Chrome users, make sure you’ve got the very latest version.
Or, as Justin Schuh, one of Chrome’s well-known security researchers, put it:
[L]ike, seriously, update your Chrome installs… like right this minute.
We’re not big Chrome fans – we’ve always thought that Firefox is better in both form and function, to be honest – but we have Chrome installed at the moment and can tell you that the version you want is
72.0.3626.121, released at the start of March 2019.
To check that you’re up-to-date, go to the About Google Chrome… window, accessible from the address bar by typing in the special URL
This will not only show the current version but also do an update check at the same time, just in case any recent auto-updates have failed or your computer hasn’t called home yet.
The reason that even the Chrome team are wading in with you’d-better-update warnings is the recent appearance of a zero-day security vulnerability, dubbed CVE-2019-5786, for which Google says it is “aware of of reports that an exploit […] exists in the wild.”
A vulnerability, or vuln for short, is a bug that makes software go wrong in a way that reduces computer security.
An exploit is a way of deliberately triggering a vulnerability to sneak past a security control.
Exploitable or not?
To be clear, all vulnerabilities represent a risk, by definition, even if the worst you can do with the bug is to crash a program or produce a sea of unexpected error messages.
But in the same sort of way that all thumbs are fingers, while not all fingers are thumbs…
..,all exploits arise from vulnerabilities, while not all vulnerabilities can be turned into exploits.
Nevertheless, some vulnerabilities, when analysed, examined, probed and attacked with sufficient ingenuity, can be tricked into doing much more than just provoking an unwanted error or bombing out an app.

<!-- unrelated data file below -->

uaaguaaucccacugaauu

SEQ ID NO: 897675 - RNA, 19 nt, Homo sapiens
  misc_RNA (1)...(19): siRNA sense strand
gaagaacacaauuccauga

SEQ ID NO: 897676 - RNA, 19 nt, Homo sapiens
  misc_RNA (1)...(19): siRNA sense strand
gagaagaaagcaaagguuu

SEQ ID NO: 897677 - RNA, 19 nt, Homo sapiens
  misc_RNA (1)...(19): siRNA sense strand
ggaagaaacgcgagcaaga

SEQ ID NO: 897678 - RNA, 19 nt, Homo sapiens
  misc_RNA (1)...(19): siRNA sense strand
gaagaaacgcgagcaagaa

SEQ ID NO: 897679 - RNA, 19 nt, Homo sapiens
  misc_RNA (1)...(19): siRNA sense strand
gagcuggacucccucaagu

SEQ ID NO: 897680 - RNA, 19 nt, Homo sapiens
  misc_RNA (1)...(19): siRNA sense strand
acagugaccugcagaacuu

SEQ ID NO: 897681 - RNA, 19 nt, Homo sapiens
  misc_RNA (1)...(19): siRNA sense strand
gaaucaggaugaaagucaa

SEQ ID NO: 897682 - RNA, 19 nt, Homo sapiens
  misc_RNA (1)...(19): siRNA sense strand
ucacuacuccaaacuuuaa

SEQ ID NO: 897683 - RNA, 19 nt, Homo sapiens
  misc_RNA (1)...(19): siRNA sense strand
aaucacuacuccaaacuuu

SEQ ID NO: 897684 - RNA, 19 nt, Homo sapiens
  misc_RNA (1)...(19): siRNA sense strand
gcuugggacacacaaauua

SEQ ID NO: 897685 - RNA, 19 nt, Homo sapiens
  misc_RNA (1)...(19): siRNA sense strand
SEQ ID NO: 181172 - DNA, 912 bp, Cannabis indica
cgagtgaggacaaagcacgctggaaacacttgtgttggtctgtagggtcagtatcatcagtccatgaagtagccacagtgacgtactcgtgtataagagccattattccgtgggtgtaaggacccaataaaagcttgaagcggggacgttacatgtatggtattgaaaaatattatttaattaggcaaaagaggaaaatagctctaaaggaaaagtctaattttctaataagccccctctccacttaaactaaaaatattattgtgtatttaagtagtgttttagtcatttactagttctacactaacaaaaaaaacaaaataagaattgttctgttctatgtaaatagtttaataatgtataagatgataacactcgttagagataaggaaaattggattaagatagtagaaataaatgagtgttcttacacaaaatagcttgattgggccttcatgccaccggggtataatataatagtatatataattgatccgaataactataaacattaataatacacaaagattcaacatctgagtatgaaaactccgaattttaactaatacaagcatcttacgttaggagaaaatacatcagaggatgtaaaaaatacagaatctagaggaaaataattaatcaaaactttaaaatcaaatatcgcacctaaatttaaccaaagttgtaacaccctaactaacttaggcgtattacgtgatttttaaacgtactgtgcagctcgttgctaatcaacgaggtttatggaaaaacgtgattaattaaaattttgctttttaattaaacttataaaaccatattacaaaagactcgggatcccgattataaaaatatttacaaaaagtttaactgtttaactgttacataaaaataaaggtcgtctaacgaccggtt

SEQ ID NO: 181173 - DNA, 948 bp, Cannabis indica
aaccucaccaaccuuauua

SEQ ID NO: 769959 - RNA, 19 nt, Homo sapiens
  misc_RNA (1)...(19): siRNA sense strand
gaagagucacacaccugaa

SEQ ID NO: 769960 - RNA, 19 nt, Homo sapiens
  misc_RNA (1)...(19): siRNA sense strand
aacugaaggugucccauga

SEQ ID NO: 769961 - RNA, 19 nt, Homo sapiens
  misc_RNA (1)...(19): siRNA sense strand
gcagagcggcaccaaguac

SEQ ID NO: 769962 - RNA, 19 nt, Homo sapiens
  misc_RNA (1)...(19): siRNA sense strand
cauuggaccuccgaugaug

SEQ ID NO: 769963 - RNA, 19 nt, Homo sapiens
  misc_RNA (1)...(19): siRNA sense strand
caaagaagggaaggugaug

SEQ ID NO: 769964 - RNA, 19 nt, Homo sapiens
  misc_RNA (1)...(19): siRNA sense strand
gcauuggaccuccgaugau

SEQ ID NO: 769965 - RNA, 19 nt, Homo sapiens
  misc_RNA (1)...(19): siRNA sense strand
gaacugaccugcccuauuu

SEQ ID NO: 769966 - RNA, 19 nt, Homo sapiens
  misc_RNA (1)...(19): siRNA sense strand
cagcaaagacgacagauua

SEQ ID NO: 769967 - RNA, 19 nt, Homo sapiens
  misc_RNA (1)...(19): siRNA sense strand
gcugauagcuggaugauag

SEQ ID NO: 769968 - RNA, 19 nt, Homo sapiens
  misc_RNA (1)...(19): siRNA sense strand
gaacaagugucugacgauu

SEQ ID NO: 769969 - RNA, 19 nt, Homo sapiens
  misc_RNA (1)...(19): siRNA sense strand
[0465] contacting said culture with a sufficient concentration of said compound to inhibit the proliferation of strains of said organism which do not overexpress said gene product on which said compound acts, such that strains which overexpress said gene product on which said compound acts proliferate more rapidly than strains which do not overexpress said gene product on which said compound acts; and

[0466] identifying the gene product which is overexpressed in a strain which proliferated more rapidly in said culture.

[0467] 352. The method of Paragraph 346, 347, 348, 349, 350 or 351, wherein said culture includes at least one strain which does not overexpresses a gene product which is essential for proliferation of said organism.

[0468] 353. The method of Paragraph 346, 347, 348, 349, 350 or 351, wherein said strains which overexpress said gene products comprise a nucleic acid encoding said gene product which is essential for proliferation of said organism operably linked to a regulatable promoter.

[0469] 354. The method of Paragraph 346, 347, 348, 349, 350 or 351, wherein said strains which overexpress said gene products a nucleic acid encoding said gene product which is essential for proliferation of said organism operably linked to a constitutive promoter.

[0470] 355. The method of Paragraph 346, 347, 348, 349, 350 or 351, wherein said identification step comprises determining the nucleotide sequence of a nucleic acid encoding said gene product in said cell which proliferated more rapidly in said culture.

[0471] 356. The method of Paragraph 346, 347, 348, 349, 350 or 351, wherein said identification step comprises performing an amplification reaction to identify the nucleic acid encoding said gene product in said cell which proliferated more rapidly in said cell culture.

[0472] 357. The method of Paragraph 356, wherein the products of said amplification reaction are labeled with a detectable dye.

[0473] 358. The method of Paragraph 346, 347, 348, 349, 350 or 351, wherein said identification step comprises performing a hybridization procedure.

For example, attackers may be able to make a program crash in a cunning way that leaves the software alive but with the attackers in direct control of its execution, rather than killing off the program entirely and leaving the attackers staring at an apologetic operating system error message.
You can see why this sort of attack, relying as it does on a specific and treacherous abuse of a vulnerability, ended up with the nickname exploit.
And a zero-day, very loosely speaking, is a vulnerability that the Bad Guys figured out how to exploit before the Good Guys were able to find and patch it themselves.
In other words, a zero-day, often written 0-day for short, is an attack against which even the best- informed sysadmins had zero days during which they could have patched proactively.
The name zero-day is a little curious, given that most 0-days are only noticed several days – or perhaps even weeks or months – after the crooks started using them. Obviously, the longer the crooks can keep an 0-day away from security researchers, the longer it can be abused. The term comes from the old days of piracy and game cracking, where hackers rushed for the bragging rights to be the first to produce cracked versions. The ultimate crack was known as a zero-day – one that came out on the very same day as the legitimate product, meaning that the pirates had zero days to wait before they could leech the game for free.
Precise information about the Chrome CVE-2019-5786 zero-day is hard to come by at the moment – as Google says:
Access to bug details and links may be kept restricted until a majority of users are updated with a fix. We will also retain restrictions if the bug exists in a third party library that other projects similarly depend on, but haven’t yet fixed.
According to the official release notes, this vulnerability involves a memory mismanagement bug in a part of Chrome called
That’s a programming tool that makes it easy for web developers to pop up menus and dialogs asking you to choose from a list of local files, for example when you want to pick a file to upload or an attachment to add to your webmail.
When we heard that the vulnerability was connected to
FileReader, we assumed that the bug would involve reading from files you weren’t supposed to.
Ironically, however, it looks as though attackers can take much more general control, allowing them to pull off what’s called Remote Code Execution, or RCE.
RCE almost always means a crooks can implant malware without any warnings, dialogs or popups.
Just tricking you into looking at a booby-trapped web page might be enough for crooks to take over your computer remotely.
What to do?
There doesn’t seem to be a workaround, but if you make sure you’re up to date, you don’t need one because the bug will be squashed.
Without a vulnerability to exploit, the exploit – rather obviously – isn’t and can’t, so patching is the ultimate fix for this one.